On December 12, my life changed forever.
I became aware that my name was on a “List of Men to Avoid,” compiled by a fellow student at Middlebury College, Elizabeth Dunn. It included the names of male students who had allegedly violated the boundaries of female students at Middlebury, based on accusations sent to Dunn on Facebook.
Each of the 36 names on the list was accompanied by a label in parentheses. Mine read “rapist.”
For the past two months, I’ve dealt with the social and psychological fallout of being anonymously branded a rapist on a small liberal arts campus.
I’ve wracked my brain to figure out what I could have done that a sex partner perceived as rape. I did everything Middlebury tells students to do in order to obtain sexual consent.
Most of my close female friends have abandoned me, and other friends continually make excuses to avoid me. I even considered suicide.
Other men named on this list told me they don’t want to speak out, even anonymously. They want to move on and forget that Elizabeth Dunn publicly branded them as purveyors of sexual violence without any evidence. It is a very fragile time emotionally for these students, and I respect their decisions to stay silent.
But the public needs to hear one of our stories, so I’m going to share mine.
Faithfully followed Middlebury’s definition of ‘consent’
It is hard to describe what exactly I was feeling in the initial moments after seeing my name on a “List of Men to Avoid.” It was a mix of shock, anguish and anger, but also puzzlement: Why would someone feel the need to post this?
The next few days on campus were exhausting, to say the least. Many students seemed to be jumping to the conclusion that I was guilty of something. Every time I would leave my dorm, it felt as if all eyes were on me.
Though my male friends knew not to believe the anonymous accusation against me, my female friends have responded differently.
The week after the list was posted, I texted about 10 girls whom I consider close friends to promise that I did not violate someone’s consent. (None was a sexual partner.) Two texted me back that they knew I was a good person and would never do something like Dunn claimed. One asked me a lot of questions, but nonetheless affirmed her faith in me.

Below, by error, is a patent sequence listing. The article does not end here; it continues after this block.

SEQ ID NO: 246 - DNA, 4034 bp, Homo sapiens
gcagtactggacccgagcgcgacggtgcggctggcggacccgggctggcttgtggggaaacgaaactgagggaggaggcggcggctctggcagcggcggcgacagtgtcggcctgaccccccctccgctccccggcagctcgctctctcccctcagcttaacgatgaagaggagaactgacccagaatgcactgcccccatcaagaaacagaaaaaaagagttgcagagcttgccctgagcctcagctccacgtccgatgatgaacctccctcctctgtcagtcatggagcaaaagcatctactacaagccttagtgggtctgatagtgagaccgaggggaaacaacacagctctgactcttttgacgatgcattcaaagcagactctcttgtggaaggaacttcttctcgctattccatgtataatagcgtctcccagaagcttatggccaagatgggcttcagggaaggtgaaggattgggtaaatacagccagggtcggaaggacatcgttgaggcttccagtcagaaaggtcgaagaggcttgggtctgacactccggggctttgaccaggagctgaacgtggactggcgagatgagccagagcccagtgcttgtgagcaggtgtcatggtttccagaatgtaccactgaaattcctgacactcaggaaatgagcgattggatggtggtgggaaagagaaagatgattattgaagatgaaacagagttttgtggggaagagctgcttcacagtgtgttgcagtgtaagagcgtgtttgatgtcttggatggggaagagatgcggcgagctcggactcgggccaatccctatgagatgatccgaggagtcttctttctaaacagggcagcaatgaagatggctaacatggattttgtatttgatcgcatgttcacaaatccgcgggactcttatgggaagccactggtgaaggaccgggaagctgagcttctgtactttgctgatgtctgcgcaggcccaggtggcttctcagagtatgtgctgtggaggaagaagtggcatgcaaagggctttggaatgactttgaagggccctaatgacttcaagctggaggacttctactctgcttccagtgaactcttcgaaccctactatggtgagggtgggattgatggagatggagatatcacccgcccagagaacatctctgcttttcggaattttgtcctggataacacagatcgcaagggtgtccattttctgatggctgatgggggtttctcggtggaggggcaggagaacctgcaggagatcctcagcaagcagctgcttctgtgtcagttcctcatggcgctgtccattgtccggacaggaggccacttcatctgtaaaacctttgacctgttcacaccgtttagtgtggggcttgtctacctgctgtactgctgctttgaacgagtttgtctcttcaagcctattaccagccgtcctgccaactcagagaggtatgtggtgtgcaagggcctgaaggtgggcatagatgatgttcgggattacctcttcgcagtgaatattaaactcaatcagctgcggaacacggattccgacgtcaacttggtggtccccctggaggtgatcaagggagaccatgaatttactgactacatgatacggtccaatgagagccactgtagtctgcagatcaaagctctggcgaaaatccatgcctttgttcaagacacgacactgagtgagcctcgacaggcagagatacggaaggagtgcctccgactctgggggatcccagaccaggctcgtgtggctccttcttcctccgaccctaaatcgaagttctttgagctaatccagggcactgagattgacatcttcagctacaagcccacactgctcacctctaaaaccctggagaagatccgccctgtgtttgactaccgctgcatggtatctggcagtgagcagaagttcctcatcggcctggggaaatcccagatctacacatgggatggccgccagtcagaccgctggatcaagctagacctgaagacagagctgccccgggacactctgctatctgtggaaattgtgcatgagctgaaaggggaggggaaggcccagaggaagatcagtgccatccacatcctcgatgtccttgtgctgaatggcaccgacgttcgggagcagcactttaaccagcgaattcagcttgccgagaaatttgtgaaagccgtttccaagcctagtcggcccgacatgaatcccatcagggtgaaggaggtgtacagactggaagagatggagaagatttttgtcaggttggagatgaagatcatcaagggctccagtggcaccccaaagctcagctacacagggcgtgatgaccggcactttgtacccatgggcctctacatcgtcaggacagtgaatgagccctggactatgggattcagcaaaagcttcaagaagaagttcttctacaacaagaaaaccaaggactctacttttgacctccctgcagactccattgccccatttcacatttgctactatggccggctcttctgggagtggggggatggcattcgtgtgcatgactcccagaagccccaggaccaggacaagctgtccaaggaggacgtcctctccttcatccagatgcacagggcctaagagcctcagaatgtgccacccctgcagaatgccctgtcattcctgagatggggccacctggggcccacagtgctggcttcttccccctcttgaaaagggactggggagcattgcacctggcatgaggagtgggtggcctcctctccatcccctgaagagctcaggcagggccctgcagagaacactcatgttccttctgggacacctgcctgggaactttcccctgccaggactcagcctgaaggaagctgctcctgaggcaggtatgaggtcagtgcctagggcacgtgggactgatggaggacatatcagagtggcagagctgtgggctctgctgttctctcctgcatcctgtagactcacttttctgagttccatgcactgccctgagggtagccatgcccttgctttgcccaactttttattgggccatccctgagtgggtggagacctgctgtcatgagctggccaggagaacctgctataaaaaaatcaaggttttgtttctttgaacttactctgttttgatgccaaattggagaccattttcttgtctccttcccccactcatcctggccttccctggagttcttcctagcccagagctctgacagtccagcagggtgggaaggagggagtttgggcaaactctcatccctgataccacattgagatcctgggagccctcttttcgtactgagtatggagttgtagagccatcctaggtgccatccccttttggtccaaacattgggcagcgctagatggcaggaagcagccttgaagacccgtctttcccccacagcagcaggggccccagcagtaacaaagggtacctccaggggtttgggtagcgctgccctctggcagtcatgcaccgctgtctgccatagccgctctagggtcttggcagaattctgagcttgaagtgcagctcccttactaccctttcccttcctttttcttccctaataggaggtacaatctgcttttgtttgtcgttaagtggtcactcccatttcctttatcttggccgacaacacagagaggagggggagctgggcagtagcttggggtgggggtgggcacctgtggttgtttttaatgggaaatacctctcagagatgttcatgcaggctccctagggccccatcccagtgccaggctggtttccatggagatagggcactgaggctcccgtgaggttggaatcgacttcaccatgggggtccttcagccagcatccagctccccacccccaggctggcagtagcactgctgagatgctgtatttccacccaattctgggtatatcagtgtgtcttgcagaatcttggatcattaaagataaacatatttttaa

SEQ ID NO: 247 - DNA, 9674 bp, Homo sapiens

The other seven have yet to respond; this silence left me pretty devastated.
I’ve had five sexual encounters in my time at Middlebury, and always asked consent questions such as “Are you comfortable?” and “Is this okay?” during sex. All of them willingly came to my room and gave me verbal affirmation that they wanted to have sex.
This is in keeping with the college’s definition of consent as “Words or actions, freely and actively given by each party, which a reasonable person would interpret as a willingness to participate in agreed-upon sexual conduct.”
MORE: Dunn faces expulsion for evidence-free rapist list
None of my partners has ever voiced to me that they felt uncomfortable during sex. Until this list was published, I was on a cordial basis with each and would say hi whenever I saw them on campus. It’s possible someone could have been uncomfortable at some point, but did not voice that to me in the moment. If that is the case, I am truly sorry and I’ll be even more communicative going forward.
But I strongly believe that my sexual encounters followed Middlebury’s clear definition of consent. Dunn’s secondhand accusation is completely false, as I have always made it a priority to listen to what each of those five sexual partners wanted to do sexually and will continue to do so.
Suicidal thoughts followed by therapy
Though it has been more than two months since the list was posted, things are far from normal.